High cholesterol poses an increased risk of developing heart disease. The risk lies in its effects on the cardiovascular system. High cholesterol causes plaque formation in the arteries. This narrowing increases blood pressure and heightens the risk of clots.
HDL helps control total cholesterol by aiding the transport of it to the liver for elimination. A desirable level is 50-59 mg/dL from a total cholesterol blood test. A figure of 60 mg/dL and above is even better.
Control with Medications
The Centers for Disease Control and Prevention estimate that about 48 million Americans have uncontrolled cholesterol. One way it can be controlled is through the use of statin drugs. These medications act primarily on LDL or bad cholesterol, however, they will also increase HDL to provide a more natural way for the body to control cholesterol.
These medications are not without risks and side effects. A common side effect is muscle pain and muscle weakness which can be severe in some individuals. The drugs also increase the risk for liver damage.
One promising treatment option for raising HDL levels is niacin. Niacin is an important player in the body's ability to produce energy. It also supports digestion and nervous system function. It also has shown promise for raising HDL.
A 2004 study by the Hôpital de la Pitié in France linked low HDL levels to a heightened risk of coronary heart disease. Researchers further recommended a minimum HDL level of 40 mg/dL for patients with heart disease or at risk of developing it. The study identified niacin or nicotinic acid as the most effective ways of accomplishing this goal.
Another supplement which may increase HDL is fish oil. A 2010 study by Copenhagen University in Denmark found that supplementation increased HDL by 5 percent in obese adolescent boys after 16 weeks. Fish oil is unique in that it is one of the few dietary supplements which is recognized by the U.S. Food and Drug Administration as an effective supplement for reducing coronary heart disease.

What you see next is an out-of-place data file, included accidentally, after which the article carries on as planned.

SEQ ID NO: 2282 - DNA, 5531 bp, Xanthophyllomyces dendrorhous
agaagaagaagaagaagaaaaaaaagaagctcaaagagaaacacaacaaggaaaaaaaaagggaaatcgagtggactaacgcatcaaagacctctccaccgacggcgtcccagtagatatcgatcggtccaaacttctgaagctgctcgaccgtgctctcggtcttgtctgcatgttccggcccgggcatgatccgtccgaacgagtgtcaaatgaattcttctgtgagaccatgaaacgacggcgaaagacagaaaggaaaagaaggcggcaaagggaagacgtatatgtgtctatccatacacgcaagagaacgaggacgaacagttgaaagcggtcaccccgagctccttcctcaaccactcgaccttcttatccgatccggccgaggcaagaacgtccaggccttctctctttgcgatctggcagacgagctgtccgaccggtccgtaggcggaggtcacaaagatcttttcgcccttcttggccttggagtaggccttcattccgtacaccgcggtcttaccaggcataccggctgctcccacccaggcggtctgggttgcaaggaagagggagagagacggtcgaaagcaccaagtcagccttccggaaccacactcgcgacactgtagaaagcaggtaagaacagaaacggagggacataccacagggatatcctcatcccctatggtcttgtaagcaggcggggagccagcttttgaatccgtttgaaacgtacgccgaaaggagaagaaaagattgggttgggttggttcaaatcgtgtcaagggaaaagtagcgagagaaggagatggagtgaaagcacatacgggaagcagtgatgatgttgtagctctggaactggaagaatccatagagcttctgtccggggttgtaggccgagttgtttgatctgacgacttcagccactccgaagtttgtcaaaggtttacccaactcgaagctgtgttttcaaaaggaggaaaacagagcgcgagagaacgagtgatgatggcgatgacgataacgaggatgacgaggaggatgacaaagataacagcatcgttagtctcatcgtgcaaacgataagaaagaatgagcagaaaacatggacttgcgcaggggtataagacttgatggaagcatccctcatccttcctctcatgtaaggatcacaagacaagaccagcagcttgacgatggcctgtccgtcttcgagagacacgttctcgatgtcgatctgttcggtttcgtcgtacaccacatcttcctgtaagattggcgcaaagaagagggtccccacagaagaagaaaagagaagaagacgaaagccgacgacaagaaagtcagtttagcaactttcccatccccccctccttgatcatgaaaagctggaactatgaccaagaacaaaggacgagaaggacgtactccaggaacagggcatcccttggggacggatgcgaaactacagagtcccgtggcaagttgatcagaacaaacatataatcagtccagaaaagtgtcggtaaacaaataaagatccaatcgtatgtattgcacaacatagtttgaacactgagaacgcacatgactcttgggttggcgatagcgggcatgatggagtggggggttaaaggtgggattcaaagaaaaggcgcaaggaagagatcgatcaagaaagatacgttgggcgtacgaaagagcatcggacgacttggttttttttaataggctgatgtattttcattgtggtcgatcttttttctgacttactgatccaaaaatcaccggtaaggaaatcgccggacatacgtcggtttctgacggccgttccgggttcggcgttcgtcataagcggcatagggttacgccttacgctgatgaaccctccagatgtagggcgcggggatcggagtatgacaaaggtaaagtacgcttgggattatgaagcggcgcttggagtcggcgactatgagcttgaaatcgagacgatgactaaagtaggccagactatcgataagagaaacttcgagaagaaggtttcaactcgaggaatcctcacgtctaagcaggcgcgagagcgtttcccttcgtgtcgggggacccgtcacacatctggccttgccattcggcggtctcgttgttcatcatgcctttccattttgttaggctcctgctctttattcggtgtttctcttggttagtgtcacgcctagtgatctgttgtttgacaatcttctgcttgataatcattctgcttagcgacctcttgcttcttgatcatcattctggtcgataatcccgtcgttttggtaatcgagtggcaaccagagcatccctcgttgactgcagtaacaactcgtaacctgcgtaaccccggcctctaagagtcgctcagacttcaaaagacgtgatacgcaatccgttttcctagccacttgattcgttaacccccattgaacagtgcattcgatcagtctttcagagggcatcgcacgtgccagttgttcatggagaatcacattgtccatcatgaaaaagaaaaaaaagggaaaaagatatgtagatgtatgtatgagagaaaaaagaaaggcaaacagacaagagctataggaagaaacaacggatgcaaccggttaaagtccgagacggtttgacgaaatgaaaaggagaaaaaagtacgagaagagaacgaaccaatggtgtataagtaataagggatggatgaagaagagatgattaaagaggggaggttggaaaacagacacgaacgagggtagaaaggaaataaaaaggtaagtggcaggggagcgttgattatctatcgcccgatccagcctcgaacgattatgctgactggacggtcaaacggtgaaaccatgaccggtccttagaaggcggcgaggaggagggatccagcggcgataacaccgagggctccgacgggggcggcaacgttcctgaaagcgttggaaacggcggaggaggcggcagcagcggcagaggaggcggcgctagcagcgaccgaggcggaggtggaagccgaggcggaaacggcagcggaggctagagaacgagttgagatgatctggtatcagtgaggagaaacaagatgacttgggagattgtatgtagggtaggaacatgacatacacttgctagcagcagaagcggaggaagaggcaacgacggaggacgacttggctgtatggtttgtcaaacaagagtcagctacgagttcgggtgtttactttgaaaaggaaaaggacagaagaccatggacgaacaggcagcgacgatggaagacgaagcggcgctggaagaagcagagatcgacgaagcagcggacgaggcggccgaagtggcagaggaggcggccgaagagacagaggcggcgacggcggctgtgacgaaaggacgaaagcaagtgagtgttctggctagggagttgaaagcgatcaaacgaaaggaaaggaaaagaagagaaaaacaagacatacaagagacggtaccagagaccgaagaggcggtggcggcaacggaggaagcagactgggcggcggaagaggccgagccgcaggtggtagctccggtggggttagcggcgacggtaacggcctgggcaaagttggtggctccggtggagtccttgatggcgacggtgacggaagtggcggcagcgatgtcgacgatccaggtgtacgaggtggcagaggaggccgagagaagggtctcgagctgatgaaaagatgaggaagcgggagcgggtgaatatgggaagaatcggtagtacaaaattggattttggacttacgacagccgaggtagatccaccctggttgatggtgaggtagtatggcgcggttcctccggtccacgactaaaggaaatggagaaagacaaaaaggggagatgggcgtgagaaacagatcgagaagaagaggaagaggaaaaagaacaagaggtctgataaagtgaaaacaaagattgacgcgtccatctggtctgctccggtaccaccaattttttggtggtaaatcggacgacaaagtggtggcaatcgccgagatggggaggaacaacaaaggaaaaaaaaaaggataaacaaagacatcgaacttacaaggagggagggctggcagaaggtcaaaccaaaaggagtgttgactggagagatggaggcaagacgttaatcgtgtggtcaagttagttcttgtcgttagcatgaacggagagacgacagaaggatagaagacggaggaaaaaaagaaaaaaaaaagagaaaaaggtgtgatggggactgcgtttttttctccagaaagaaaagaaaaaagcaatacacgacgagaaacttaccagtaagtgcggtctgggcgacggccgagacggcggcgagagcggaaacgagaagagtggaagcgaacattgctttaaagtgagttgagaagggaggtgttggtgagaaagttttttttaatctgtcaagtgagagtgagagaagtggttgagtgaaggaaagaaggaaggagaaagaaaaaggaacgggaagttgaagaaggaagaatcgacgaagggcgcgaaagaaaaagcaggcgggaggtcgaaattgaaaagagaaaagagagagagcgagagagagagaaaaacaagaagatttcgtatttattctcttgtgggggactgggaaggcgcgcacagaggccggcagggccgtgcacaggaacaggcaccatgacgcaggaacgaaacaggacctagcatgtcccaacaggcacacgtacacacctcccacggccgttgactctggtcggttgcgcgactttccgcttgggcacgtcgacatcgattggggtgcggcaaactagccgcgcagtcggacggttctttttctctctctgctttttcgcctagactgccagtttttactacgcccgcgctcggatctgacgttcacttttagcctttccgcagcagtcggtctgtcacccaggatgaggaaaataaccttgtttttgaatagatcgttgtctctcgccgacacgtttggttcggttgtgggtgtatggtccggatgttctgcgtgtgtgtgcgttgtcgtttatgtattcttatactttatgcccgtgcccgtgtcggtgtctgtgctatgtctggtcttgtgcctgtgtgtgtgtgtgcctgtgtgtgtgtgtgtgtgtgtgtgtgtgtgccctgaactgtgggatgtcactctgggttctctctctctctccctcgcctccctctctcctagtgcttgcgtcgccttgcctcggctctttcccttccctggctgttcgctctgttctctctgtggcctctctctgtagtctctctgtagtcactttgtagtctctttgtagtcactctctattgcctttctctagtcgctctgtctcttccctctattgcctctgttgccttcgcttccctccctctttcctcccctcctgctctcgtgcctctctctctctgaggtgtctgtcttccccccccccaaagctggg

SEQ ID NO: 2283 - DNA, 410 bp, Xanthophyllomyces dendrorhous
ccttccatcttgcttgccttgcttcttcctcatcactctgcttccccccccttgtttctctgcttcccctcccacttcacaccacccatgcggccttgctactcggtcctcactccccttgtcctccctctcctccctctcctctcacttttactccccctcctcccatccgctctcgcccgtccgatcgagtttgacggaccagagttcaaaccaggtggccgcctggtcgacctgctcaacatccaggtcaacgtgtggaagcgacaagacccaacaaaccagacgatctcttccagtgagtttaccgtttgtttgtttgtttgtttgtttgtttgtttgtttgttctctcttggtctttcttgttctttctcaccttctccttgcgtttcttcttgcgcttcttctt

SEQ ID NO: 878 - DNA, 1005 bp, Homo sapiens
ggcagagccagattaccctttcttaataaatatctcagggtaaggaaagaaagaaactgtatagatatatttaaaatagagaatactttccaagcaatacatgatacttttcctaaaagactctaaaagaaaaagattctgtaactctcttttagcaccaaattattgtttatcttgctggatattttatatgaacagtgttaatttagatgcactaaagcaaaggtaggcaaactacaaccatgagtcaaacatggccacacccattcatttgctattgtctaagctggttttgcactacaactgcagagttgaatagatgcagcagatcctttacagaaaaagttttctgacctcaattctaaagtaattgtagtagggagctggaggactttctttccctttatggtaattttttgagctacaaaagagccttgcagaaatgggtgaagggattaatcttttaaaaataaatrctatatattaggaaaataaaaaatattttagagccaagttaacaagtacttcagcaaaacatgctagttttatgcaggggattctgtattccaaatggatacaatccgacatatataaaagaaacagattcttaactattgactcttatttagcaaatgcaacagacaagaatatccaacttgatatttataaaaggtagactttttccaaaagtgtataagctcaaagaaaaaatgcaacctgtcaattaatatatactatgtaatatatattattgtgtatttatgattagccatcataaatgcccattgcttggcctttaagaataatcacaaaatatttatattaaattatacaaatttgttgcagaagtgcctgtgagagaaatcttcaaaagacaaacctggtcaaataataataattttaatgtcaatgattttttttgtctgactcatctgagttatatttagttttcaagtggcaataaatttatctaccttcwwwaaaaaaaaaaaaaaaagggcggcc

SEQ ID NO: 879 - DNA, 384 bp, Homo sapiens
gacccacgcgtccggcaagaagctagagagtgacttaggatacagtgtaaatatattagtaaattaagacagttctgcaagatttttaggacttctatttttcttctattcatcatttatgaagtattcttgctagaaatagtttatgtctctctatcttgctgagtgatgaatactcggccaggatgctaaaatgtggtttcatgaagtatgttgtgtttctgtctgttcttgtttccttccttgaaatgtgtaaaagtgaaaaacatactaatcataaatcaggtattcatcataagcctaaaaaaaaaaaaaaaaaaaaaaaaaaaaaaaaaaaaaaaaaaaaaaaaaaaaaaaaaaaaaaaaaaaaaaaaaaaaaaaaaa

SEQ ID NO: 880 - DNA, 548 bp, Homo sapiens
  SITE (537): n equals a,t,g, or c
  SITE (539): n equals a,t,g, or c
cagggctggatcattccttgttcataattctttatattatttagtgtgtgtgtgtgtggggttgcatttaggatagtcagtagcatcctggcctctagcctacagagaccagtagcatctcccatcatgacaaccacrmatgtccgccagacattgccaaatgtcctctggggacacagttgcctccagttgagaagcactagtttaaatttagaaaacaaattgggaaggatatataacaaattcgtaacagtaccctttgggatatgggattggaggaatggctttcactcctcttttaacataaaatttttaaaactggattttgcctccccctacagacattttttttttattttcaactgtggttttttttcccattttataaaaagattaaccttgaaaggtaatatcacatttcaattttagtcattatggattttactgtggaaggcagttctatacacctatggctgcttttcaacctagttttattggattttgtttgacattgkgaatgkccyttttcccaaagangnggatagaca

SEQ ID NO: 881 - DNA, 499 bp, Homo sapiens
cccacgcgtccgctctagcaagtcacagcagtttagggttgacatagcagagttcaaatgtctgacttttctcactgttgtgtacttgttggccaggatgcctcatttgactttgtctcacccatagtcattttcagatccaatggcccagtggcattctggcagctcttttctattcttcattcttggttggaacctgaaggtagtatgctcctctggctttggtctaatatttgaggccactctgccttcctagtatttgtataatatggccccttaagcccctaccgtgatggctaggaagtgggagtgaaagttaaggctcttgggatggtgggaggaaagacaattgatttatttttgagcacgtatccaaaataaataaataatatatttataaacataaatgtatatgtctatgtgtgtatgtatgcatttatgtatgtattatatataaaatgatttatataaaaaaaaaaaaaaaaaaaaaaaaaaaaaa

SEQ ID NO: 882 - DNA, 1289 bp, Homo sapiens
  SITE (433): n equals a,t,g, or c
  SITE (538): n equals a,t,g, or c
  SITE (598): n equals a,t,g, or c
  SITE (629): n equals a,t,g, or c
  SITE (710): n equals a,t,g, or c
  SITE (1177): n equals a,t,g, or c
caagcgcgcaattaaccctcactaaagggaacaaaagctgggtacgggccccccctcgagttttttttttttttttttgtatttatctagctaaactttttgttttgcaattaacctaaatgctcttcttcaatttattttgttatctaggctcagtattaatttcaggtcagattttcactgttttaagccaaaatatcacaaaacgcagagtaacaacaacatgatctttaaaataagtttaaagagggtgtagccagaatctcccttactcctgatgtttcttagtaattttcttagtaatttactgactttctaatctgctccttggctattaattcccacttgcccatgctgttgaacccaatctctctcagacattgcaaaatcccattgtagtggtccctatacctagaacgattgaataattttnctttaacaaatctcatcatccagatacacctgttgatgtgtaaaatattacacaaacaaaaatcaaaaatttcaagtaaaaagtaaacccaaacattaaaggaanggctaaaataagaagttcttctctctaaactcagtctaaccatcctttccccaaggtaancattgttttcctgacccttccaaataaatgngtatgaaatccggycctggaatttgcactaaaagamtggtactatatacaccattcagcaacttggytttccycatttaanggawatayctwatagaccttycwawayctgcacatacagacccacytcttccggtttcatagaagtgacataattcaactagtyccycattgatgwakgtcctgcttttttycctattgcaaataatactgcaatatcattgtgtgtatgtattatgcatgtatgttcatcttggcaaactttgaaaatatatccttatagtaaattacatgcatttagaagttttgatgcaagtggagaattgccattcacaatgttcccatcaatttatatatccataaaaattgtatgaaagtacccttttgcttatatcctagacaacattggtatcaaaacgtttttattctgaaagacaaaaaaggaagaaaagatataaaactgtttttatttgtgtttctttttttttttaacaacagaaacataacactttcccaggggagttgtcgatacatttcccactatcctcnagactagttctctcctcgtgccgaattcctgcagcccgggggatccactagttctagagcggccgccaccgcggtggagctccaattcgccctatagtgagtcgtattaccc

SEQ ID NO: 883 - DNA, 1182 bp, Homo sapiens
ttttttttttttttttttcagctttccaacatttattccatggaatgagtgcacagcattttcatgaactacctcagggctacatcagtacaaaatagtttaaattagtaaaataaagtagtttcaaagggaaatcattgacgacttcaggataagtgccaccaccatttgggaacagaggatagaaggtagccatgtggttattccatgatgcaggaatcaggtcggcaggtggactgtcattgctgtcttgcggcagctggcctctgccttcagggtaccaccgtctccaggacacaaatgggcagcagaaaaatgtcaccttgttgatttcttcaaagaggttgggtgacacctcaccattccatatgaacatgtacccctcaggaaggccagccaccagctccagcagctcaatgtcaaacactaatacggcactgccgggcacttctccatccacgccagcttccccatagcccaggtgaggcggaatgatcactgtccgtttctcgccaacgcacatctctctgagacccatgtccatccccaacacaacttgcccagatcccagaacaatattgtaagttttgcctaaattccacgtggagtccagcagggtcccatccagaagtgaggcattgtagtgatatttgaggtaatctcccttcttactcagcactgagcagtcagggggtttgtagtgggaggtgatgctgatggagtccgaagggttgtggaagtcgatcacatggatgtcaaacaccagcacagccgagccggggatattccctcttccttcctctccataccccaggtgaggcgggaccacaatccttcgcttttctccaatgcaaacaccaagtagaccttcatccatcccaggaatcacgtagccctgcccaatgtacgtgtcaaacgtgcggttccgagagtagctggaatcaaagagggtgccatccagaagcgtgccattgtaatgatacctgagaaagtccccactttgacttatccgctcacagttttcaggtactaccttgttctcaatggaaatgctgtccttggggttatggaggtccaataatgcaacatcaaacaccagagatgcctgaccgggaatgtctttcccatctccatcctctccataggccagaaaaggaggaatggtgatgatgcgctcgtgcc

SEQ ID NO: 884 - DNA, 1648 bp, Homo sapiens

If you want to raise your HDL without taking drugs or a supplement, exercise may offer a non-pharmaceutical approach to cholesterol control. A 2011 study by the Saga University in Japan found that aerobic exercise significantly lowered cholesterol and increased HDL after 12 weeks of regular workouts. If you have concerns about medication side effects, exercise may be your answer to increasing HDL.
While you can't control all risk factors, you can help improve your cholesterol by HDL control. Research has opened several avenues for better cholesterol management. With your cholesterol under control, you can reduce your chances of developing heart disease.
Centers for Disease Control and Prevention: High Blood Pressure and Cholesterol cdc.gov
Centers for Disease Control and Prevention: Leading Causes of Death cdc.gov
M. Chapman, et al. Raising high-density lipoprotein cholesterol with reduction of cardiovascular risk: the role of nicotinic acid–a position paper developed by the European Consensus Panel on HDL-C. Current Medical Research and Opinion, August 2004; 20(8):1253-1268.
W. Guo, et al. Effects of aerobic exercise on lipid profiles and high molecular weight adiponectin in Japanese workers. Internal Medicine, March 2011; 50(5):389-95.
M. Pedersen, et al. Effects of fish oil supplementation on markers of the metabolic syndrome. Journal of Pediatrics, September 2010; 157(3):395-400.
U.S. Food and Drug Administration: FDA Announces Qualified Health Claims for Omega-3 Fatty Acids fda.gov
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